Bush Likes India With Nuclear Power

    July 19, 2005

The White House changed what many thought was a solid position on India using nuclear power. President Bush said yesterday that he would ask Congress to end long-term sanctions against India.

The event came as a shock to many around the world as President Bush called India’s nuclear behavior “responsible” and that India “should acquire the same benefits and advantages” as other nations with “advanced nuclear technology.”

A number of other items were discussed but the “full civil nuclear energy cooperation” is certainly the most intriguing for a couple of reasons. First, India needs power. As India continues to realize its potential and the standards of living continue to increase, power will be needed to take care of that.

Right now, India gets very little power from nuclear sources, less than 55. Most of their power comes from coal and oil. With over one billion people, power is becoming an absolute necessity, particularly as fossil fuel costs continue to climb. This will allow India a cheaper source of energy, particularly as they progress further and further into the electronic age.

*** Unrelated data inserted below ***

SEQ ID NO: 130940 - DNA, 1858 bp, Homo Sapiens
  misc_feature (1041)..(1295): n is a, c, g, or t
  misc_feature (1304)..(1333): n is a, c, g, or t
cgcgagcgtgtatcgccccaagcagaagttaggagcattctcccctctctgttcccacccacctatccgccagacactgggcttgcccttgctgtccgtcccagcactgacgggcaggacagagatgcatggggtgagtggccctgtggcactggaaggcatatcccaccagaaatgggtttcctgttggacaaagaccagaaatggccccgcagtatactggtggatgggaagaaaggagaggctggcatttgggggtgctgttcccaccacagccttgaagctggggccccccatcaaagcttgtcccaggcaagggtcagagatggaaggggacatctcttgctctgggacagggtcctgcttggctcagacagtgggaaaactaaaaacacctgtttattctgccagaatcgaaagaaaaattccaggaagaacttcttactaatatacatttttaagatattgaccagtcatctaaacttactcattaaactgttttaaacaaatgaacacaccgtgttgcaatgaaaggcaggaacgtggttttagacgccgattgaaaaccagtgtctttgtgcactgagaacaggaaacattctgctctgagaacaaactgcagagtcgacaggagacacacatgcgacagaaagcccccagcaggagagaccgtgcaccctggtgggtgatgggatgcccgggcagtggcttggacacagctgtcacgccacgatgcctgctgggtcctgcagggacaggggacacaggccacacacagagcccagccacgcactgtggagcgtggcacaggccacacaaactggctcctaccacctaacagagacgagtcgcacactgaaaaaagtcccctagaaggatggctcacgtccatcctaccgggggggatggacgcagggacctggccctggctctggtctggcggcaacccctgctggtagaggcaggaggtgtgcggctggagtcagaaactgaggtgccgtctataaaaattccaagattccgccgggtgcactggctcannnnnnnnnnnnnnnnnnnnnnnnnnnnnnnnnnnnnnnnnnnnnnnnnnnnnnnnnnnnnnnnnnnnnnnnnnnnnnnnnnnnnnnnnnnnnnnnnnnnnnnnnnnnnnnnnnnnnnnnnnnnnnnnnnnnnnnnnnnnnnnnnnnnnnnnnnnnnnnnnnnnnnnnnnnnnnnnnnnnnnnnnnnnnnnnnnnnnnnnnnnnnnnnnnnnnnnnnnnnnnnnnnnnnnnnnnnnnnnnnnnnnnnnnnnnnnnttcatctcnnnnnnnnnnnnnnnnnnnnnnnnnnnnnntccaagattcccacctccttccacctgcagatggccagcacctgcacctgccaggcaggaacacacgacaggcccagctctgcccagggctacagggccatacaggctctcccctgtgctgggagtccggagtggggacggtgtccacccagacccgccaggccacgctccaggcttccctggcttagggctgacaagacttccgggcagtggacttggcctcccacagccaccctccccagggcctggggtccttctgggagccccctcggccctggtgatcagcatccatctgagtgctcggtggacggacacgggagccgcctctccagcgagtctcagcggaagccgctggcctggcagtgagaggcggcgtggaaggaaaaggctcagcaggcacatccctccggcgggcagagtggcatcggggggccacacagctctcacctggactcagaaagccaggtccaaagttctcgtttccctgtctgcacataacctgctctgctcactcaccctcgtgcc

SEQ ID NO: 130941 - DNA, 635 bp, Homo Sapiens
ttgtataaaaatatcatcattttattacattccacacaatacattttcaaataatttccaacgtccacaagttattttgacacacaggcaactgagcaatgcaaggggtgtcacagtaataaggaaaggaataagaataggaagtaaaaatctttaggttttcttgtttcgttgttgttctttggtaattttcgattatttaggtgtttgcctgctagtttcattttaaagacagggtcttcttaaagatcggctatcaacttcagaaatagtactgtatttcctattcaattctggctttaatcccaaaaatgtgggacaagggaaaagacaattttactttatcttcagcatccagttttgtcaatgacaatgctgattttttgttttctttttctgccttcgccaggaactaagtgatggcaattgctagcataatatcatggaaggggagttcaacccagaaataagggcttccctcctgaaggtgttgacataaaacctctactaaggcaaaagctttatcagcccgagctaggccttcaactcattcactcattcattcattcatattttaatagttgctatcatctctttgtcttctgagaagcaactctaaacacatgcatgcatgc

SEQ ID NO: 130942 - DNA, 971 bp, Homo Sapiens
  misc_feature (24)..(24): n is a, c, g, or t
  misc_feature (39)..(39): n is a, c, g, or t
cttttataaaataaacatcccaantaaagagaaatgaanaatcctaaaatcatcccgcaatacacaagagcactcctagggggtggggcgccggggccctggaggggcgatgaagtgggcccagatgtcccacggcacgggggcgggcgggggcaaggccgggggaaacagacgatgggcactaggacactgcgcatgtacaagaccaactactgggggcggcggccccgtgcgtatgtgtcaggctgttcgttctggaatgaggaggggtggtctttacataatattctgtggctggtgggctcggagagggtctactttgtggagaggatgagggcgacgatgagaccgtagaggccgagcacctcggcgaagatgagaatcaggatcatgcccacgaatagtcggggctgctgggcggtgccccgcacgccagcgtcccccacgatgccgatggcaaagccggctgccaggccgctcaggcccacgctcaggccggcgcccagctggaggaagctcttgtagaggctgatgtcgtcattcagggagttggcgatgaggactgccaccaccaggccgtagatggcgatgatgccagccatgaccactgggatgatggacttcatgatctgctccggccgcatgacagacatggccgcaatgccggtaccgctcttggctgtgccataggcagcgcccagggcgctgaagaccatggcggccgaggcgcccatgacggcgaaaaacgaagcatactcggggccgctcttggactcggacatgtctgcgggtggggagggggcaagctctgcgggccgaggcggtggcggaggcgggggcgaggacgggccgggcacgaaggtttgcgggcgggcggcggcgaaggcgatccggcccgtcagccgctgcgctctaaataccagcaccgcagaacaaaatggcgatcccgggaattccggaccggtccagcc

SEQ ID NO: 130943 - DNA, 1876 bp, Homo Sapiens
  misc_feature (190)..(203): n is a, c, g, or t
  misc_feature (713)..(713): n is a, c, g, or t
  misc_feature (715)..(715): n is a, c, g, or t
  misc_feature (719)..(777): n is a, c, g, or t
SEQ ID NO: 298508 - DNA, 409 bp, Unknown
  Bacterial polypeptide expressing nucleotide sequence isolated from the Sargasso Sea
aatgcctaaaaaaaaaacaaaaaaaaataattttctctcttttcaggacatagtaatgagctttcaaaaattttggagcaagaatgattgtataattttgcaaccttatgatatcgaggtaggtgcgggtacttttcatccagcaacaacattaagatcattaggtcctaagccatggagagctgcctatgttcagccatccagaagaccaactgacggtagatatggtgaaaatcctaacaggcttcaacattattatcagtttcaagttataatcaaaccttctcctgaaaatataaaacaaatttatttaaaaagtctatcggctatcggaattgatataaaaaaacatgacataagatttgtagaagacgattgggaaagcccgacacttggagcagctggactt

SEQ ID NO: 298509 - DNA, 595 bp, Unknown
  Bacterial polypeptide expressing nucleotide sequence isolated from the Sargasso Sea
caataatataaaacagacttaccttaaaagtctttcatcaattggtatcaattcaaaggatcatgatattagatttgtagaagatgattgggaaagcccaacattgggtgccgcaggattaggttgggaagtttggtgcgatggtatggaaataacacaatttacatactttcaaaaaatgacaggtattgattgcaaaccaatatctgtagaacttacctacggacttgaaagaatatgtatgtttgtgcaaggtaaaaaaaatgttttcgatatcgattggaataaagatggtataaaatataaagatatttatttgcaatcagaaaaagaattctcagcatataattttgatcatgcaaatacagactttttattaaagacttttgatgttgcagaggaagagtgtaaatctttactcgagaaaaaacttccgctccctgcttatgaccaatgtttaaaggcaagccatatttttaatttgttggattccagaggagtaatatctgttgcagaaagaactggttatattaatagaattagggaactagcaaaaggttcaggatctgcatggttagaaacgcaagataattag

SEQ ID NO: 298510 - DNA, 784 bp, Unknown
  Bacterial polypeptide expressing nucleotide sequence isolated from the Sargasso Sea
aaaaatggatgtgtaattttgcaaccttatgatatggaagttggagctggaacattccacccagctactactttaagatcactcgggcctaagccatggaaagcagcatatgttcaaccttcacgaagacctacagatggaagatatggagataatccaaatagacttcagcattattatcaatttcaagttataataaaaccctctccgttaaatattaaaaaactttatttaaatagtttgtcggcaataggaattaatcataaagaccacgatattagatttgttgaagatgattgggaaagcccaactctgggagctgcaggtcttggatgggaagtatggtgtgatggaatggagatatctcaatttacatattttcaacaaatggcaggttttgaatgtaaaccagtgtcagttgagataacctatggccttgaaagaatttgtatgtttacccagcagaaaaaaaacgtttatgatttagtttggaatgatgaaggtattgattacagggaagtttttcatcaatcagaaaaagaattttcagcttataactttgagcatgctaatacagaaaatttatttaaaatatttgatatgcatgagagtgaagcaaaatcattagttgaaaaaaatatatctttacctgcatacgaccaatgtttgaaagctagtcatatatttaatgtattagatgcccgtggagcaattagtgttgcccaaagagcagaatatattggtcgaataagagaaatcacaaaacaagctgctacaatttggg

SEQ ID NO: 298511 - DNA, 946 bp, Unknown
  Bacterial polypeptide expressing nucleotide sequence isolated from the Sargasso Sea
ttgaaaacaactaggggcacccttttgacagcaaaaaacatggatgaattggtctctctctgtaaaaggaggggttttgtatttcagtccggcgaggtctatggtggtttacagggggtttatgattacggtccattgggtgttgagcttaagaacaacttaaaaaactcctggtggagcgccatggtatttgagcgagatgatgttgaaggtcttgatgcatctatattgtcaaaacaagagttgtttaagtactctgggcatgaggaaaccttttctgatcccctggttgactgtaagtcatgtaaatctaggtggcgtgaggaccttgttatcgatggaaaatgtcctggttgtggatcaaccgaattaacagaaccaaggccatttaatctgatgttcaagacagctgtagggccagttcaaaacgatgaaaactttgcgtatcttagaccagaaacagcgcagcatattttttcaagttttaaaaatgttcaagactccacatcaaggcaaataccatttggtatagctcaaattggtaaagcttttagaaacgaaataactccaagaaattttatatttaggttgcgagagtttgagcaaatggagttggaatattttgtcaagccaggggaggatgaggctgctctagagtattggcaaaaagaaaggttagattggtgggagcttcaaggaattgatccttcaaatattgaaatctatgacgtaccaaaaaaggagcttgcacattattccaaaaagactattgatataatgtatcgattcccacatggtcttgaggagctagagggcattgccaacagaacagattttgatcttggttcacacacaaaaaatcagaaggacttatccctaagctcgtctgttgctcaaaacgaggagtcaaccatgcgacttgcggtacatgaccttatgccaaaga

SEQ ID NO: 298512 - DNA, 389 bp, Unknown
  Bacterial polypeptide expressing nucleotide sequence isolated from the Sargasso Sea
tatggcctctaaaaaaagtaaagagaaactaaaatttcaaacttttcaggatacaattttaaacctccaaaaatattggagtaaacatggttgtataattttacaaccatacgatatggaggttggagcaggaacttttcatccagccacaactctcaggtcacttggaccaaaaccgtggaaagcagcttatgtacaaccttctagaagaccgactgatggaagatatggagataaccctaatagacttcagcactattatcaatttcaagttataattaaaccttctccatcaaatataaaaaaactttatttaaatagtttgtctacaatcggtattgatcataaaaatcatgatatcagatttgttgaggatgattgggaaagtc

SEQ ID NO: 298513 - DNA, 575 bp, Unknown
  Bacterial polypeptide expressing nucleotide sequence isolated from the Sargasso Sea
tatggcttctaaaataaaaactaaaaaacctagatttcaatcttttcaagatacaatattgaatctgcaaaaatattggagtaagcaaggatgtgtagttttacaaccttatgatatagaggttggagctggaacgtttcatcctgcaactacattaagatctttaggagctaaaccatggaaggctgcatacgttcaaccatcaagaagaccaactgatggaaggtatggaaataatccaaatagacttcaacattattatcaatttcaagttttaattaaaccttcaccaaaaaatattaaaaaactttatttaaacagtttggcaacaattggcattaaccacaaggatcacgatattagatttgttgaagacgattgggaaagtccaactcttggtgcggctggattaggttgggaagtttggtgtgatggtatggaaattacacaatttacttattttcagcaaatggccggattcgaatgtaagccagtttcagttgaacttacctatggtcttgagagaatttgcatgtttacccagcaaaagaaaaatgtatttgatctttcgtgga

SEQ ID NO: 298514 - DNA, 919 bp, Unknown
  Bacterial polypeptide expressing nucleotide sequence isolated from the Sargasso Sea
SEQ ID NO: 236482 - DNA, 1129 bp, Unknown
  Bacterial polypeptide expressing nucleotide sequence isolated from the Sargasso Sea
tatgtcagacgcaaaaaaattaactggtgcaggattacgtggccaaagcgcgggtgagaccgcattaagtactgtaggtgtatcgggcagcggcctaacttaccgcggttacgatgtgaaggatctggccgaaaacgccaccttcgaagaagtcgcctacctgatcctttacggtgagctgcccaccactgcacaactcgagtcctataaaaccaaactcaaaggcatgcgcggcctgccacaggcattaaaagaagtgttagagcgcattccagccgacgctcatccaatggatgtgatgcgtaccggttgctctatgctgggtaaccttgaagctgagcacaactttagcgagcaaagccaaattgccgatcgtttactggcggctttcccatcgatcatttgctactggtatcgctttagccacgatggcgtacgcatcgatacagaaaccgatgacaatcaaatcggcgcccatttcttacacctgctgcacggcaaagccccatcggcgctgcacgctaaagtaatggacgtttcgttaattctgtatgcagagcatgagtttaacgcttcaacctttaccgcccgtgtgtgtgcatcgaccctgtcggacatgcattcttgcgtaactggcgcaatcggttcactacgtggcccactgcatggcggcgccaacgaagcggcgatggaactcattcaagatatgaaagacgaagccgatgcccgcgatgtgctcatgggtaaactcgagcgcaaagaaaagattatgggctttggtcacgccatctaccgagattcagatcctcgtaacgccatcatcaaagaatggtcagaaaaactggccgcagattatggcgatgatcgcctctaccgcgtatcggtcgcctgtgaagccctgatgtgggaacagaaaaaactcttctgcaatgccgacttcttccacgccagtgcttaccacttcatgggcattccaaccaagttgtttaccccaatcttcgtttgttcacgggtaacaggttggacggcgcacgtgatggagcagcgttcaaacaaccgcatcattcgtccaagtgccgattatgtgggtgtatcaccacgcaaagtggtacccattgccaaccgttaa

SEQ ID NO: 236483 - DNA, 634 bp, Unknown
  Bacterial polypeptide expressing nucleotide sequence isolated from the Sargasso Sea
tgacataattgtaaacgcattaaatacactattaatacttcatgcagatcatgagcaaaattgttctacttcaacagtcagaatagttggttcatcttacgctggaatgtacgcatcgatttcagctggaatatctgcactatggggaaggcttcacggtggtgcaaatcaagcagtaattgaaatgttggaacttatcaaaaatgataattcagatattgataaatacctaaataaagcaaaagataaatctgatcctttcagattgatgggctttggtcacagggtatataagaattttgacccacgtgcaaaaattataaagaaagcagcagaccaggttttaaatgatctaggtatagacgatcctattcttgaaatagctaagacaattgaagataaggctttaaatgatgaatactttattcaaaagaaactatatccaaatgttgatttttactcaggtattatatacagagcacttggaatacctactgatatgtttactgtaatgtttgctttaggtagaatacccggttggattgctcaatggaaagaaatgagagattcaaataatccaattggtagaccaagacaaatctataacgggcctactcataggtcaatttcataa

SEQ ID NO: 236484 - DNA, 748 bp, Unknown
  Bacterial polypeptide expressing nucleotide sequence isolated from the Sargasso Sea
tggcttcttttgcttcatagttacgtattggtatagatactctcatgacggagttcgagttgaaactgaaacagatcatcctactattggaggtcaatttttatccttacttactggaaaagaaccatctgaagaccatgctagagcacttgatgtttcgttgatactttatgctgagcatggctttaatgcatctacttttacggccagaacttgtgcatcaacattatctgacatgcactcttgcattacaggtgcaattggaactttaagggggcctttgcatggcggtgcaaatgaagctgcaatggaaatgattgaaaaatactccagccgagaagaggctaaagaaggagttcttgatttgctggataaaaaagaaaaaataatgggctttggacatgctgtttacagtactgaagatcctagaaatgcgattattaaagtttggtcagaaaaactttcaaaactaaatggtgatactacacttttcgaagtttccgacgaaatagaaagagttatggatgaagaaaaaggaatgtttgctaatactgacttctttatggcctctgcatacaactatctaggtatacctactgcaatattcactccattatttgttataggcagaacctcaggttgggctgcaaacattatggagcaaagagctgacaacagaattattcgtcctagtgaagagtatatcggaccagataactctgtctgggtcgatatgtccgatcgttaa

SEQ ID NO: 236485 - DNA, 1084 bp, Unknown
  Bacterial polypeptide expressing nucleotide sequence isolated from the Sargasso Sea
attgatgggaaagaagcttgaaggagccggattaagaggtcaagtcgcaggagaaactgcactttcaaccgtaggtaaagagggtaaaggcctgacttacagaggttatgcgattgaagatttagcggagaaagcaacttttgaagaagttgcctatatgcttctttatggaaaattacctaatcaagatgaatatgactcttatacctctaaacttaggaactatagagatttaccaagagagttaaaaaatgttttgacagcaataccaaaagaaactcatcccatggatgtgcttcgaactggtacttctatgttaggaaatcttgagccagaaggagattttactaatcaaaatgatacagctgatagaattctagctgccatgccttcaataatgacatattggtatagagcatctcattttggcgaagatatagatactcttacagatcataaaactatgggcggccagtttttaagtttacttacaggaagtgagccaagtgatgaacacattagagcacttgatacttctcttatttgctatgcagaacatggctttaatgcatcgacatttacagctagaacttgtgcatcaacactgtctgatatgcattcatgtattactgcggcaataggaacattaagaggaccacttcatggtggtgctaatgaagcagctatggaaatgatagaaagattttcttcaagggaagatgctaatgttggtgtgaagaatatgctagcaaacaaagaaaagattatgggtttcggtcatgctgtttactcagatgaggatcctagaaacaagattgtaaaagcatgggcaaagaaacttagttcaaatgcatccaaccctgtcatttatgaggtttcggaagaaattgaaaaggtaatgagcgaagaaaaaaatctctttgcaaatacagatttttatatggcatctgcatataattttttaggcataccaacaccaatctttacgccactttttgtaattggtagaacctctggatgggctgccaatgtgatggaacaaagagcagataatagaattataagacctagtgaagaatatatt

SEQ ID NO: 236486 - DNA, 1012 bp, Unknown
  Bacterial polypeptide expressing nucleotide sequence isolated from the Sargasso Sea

The other major issue is security. The U.S. and China are incredibly intertwined to be so diverse politically, economically and culturally. As China continues to develop militarily and economically, they begin to exude pressure on the U.S. Many hear stories every day about ongoing economic troubles with China, whether it’s CNOOC trying to purchase Unocal or WTO disagreements over textile pricing. Many experts think India will provide an excellent foil for China.

The announcement shocked members of both parties in Congress but in retrospect, the move seems prudent. Most feel this battle won’t be along partisan lines either, it will be proliferation versus non-proliferation and one must keep Iran in the picture too as they argue to be allowed to use nuclear power for their power purpose.

John Stith is a staff writer for WebProNews covering technology and business.